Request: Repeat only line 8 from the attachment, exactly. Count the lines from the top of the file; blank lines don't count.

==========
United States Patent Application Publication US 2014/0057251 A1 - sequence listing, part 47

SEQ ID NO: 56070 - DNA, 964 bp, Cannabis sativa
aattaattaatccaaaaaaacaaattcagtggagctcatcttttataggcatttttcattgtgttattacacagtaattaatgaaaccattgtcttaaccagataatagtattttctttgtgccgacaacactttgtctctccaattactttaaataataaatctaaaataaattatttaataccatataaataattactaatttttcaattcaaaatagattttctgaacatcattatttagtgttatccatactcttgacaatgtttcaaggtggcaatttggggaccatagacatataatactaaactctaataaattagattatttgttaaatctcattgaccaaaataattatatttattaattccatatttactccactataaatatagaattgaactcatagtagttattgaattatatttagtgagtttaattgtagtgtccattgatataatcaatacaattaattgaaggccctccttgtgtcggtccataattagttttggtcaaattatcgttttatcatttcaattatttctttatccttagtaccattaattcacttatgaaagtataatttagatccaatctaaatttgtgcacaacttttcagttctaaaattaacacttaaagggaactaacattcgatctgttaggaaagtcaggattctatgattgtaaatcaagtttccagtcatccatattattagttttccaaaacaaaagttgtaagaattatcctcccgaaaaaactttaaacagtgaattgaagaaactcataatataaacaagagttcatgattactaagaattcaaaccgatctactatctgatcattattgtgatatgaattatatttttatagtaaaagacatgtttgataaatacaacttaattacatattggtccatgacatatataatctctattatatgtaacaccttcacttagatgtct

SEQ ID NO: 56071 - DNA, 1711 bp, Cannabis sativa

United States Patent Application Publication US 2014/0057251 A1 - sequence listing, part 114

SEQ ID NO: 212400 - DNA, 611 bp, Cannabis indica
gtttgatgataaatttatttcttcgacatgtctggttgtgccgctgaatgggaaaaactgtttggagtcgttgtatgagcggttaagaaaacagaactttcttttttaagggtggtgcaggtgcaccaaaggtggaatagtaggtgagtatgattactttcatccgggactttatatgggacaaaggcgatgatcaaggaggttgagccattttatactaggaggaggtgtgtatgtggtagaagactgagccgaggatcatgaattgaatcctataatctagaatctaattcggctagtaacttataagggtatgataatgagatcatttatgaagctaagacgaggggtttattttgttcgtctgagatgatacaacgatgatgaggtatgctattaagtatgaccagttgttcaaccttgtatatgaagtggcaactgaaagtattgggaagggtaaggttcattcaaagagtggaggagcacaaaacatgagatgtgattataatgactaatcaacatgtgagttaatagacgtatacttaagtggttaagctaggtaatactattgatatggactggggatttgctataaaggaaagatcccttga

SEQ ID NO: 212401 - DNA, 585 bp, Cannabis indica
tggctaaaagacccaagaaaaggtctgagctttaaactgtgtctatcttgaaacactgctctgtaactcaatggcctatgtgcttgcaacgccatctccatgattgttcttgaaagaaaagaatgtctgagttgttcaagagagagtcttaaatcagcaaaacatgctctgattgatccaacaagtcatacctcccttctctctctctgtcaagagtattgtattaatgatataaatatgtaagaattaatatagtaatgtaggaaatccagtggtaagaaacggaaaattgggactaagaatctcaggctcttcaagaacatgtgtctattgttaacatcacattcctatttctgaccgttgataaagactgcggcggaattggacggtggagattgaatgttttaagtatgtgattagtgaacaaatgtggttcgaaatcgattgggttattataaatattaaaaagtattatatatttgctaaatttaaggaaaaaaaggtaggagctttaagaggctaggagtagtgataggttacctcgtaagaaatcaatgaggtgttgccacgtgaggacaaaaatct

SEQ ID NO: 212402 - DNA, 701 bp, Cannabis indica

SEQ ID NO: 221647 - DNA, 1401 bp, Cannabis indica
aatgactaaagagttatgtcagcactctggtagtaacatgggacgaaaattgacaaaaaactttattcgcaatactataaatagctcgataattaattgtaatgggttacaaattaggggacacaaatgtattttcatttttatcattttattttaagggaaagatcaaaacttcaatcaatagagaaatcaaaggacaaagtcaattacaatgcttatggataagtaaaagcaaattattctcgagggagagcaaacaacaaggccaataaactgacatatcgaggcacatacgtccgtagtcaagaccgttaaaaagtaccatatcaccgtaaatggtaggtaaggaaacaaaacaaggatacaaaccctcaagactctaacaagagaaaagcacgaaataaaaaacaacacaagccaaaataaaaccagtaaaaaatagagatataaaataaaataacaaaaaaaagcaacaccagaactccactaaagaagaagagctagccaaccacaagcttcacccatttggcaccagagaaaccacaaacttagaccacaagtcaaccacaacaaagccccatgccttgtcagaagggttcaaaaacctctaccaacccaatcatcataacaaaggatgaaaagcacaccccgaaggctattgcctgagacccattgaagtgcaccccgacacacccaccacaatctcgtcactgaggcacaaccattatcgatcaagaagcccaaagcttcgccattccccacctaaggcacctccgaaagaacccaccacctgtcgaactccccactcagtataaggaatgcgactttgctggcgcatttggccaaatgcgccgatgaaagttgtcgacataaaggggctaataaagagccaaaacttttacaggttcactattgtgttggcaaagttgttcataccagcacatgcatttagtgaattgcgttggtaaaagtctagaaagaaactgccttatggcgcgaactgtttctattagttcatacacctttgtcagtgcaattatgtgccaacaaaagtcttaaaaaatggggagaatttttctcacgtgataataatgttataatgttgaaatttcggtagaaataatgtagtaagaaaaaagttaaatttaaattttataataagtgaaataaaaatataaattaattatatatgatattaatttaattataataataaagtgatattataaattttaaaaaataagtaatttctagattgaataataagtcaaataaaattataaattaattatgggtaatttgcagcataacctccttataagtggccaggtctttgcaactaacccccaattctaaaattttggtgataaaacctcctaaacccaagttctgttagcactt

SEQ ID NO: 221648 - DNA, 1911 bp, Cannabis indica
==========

SEQ ID NO: 212401 - DNA, 585 bp, Cannabis indica